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Remembrances
7:03 am
Sat February 22, 2014

Writer Mavis Gallant Portrayed 'Lost Souls' Of Post-WWII Europe

More than 100 of Mavis Gallant's short stories were published in The New Yorker.
Louis Monier Gamma-Rapho via Getty Images

Originally published on Wed February 26, 2014 2:43 pm

Unless you've been a devoted reader of New Yorker short stories for the last 60 years, you may not know the name Mavis Gallant. The magazine published more Gallant stories than almost any other writer, except John Updike.

She died Tuesday in Paris at age 91.

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Author Interviews
7:03 am
Sat February 22, 2014

Hollywood Goes To War In 'Five Came Back'

Originally published on Wed February 26, 2014 2:43 pm

Hollywood helped win World War II — and by that, we don't mean John Wayne, but five of the country's most celebrated film directors, who went to work making films for the War Department that showed Americans at war, overseas and in the skies, living, fighting, bleeding and dying. Those films changed America — and deepened the men who made them, including John Ford, William Wyler, John Huston, George Stevens, and Frank Capra.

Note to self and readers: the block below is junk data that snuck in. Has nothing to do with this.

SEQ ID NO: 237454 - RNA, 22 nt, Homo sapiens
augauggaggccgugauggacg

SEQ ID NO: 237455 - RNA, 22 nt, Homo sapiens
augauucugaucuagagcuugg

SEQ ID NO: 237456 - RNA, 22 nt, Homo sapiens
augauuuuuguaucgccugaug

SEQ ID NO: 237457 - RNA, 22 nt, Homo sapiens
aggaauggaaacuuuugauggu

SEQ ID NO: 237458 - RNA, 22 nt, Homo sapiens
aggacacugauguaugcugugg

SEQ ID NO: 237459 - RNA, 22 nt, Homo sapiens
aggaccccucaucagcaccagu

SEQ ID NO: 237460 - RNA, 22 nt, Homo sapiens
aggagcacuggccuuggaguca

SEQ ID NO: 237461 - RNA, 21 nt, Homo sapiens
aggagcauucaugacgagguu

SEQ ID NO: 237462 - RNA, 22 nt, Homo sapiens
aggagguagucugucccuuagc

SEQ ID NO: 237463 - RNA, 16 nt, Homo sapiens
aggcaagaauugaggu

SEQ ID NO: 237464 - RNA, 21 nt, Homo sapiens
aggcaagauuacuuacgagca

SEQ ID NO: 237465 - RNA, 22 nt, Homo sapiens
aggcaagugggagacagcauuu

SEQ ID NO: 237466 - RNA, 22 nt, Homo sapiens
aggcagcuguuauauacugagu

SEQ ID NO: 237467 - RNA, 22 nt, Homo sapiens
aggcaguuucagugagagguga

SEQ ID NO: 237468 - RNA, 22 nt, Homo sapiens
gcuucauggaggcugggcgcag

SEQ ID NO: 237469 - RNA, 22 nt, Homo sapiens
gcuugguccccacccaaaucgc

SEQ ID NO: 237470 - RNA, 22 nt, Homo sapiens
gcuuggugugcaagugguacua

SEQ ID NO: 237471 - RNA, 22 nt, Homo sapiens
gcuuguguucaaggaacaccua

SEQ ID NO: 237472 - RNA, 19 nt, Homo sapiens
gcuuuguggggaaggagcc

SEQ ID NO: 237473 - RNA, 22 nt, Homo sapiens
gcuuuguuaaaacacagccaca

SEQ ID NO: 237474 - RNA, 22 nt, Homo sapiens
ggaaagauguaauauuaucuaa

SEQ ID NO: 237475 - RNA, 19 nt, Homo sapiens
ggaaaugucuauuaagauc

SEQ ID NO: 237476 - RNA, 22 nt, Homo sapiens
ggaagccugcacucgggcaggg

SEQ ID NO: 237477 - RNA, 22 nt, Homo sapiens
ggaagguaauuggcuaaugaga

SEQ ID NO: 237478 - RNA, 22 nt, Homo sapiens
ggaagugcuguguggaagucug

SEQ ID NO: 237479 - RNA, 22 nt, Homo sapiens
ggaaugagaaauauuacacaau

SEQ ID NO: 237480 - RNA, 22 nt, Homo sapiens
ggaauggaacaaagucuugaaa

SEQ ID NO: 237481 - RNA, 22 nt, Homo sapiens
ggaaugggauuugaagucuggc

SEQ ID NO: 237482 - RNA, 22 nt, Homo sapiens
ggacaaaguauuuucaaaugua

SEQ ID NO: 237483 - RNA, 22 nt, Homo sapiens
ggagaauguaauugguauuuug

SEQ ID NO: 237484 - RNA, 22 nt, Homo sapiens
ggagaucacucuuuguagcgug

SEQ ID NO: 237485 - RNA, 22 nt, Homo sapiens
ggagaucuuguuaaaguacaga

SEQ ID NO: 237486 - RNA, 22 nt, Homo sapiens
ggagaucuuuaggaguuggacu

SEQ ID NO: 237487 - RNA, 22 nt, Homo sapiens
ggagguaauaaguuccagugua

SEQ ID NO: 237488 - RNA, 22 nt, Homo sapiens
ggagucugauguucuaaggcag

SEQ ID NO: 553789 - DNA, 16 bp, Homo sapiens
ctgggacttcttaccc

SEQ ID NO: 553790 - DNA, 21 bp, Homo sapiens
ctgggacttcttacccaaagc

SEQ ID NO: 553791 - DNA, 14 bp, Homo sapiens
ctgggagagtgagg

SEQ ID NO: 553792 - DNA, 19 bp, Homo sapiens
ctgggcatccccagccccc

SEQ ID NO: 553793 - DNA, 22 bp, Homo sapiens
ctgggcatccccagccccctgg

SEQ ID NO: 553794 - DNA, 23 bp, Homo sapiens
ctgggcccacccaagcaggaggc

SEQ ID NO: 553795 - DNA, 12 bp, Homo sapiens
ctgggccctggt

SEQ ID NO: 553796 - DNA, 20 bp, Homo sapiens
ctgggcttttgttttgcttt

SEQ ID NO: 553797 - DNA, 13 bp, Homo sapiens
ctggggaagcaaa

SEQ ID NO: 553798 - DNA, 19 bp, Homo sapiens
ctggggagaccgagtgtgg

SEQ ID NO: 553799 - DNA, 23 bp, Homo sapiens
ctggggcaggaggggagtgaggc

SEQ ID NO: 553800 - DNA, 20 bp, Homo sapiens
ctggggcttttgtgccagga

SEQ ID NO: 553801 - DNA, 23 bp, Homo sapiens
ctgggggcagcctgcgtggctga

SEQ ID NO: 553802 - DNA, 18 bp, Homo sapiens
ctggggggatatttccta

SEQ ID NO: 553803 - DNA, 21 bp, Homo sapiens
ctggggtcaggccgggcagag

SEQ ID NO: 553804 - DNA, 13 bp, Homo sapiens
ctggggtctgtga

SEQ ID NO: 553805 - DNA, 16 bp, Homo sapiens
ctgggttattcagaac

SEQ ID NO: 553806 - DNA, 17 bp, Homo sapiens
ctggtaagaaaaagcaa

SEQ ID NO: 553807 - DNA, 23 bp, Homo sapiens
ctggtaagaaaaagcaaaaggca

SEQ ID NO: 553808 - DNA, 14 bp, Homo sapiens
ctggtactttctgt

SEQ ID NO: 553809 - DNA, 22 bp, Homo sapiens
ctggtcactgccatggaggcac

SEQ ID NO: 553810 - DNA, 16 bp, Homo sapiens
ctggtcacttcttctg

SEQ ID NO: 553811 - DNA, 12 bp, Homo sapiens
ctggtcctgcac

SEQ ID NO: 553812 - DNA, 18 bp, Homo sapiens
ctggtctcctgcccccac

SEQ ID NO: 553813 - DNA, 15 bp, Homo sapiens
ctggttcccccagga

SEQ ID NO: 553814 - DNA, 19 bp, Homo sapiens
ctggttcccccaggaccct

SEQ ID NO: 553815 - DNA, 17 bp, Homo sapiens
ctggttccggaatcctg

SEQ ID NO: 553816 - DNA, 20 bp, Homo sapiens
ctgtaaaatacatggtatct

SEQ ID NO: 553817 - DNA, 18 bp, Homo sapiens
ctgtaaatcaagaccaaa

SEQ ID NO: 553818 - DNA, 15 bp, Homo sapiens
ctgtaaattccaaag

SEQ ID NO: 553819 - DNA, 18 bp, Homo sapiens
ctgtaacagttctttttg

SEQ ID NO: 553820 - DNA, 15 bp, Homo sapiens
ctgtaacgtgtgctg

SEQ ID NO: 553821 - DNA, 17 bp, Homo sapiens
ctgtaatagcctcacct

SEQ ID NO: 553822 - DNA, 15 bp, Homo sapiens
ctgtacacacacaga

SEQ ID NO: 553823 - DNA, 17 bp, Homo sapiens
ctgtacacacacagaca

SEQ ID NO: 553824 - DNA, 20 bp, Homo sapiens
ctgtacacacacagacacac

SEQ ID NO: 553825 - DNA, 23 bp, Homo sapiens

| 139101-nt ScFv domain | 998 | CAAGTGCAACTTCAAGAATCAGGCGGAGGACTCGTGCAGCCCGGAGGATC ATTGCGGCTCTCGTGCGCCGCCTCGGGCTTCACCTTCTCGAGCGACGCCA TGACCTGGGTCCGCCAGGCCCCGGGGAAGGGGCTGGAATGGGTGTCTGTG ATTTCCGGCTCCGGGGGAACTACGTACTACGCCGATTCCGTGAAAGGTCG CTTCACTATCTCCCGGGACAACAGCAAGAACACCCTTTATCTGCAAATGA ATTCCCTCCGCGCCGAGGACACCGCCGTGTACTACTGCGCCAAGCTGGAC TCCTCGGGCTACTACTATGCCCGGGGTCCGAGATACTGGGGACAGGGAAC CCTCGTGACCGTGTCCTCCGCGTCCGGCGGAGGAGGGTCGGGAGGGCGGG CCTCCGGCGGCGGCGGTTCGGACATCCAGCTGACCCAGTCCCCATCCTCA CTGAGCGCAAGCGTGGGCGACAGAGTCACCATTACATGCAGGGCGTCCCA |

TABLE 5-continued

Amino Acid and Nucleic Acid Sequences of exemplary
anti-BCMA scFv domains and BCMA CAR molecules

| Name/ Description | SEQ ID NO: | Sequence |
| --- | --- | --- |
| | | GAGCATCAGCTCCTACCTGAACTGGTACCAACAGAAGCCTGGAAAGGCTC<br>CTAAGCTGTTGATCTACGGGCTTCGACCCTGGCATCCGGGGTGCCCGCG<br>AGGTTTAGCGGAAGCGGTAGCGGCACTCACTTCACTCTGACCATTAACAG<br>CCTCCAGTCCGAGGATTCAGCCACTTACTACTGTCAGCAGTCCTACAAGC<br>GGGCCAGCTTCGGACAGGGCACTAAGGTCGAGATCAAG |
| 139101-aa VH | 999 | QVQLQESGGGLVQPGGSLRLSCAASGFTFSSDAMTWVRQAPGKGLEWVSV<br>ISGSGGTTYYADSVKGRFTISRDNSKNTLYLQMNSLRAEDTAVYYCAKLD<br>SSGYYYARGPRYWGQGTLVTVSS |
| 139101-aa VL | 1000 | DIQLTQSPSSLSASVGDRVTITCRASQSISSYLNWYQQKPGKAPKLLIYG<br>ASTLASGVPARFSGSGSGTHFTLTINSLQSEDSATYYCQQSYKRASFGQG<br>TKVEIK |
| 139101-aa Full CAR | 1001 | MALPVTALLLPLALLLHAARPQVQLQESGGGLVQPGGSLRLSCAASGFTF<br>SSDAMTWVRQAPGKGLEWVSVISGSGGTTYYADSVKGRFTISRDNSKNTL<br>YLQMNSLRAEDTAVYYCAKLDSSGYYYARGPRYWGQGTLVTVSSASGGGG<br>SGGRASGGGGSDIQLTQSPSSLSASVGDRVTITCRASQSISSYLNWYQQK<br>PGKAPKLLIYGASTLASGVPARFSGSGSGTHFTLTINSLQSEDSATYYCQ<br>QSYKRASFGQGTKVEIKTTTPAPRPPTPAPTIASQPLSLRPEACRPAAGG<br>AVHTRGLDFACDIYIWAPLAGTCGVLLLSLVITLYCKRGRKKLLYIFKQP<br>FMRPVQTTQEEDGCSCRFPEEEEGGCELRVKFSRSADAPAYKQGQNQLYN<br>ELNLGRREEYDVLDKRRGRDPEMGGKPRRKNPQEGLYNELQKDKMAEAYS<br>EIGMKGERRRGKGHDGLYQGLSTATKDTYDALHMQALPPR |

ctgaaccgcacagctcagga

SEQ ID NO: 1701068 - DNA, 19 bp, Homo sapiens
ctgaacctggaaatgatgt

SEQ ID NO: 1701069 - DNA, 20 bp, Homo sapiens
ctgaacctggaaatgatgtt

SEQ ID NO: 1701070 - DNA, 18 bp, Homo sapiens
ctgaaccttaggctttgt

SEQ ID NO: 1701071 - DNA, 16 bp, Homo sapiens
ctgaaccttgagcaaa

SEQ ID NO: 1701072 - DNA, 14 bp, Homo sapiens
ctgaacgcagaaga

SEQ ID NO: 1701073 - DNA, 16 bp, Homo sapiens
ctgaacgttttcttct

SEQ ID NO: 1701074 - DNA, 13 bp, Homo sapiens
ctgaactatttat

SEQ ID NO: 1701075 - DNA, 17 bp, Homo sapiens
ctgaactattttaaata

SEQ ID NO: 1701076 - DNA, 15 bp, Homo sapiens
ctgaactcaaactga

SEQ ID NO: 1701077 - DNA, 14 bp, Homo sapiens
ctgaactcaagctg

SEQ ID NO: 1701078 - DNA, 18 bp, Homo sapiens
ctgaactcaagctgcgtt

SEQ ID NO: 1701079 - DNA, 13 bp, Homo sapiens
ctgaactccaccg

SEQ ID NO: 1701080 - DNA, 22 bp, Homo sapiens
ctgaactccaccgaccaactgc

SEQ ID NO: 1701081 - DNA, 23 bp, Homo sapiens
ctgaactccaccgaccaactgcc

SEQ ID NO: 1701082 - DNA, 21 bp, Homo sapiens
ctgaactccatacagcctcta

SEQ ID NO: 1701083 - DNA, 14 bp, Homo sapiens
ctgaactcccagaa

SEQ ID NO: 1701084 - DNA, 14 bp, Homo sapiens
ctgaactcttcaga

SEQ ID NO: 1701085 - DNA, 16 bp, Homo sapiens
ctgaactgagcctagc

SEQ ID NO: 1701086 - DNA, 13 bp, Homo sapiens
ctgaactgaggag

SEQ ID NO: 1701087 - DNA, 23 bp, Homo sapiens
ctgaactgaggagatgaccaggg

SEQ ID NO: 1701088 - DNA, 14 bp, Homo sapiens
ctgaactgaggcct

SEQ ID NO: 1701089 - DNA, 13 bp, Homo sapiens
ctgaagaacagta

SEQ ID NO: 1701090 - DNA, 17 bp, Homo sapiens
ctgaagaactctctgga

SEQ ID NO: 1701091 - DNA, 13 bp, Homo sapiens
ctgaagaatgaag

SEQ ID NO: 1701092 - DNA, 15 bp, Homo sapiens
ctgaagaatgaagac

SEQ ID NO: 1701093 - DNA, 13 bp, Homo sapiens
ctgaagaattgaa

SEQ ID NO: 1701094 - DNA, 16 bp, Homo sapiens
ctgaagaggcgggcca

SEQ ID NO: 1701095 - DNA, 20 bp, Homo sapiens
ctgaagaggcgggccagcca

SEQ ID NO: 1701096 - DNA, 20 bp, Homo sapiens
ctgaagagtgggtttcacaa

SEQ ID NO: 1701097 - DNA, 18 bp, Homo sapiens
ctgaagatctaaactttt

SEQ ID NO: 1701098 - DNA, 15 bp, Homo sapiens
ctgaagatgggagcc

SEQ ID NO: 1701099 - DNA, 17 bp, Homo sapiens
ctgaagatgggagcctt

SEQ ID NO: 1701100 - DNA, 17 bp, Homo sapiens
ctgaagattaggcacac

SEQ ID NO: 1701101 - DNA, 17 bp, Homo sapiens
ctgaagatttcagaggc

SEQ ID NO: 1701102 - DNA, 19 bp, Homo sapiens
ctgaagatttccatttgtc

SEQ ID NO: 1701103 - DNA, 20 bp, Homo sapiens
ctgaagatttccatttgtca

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The Salt
7:03 am
Sat February 22, 2014

Cholent: The Original Slow-Cooked Dish

While traditional cholents feature meat and beans cooked for a whole day, some modern versions, like this one, use vegetable protein and a quick braise.
rusvaplauke/Flickr

Originally published on Thu February 27, 2014 2:06 pm

This chilly winter, many of us have warmed ourselves — and our kitchens — with long-cooked meals. Roasts, beans, and stews have been in heavy rotation. But there's a dish called cholent that isn't just cooked for a few hours — it's cooked for a full day.

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Book Reviews
6:03 am
Sat February 22, 2014

Love And Whiskers In 'On Loving Women'

Originally published on Mon February 24, 2014 9:08 am

True love isn't usually associated with minimalism. It isn't usually associated with little animal heads, either, and yet Montreal artist Diane "Obom" Obomsawin manages to make all three work together just splendidly in her graphic novel On Loving Women. It's more like a graphic collection of short stories, actually: Obomsawin illustrates a dozen or so different women's accounts of how they first fell in love with other women, or girls — all of whom have, you guessed it, little animal heads.

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Wait Wait...Don't Tell Me!
4:17 pm
Fri February 21, 2014

Look Out! Not My Job Guest Sen. Mark Warner Gets Quizzed On Warnings

Chip Somodevilla Getty Images

Originally published on Sat February 22, 2014 11:03 am

Mark Warner says that he got off to a good start, making it to Harvard Law School, but then promptly failed at everything he tried. No wonder, then, that he had to settle for a career in the U.S. Senate, where he's currently a democratic senator from Virginia.

We've invited Warner to play a game called "Danger! Get Away! Ahhhhh!" Three questions about warnings.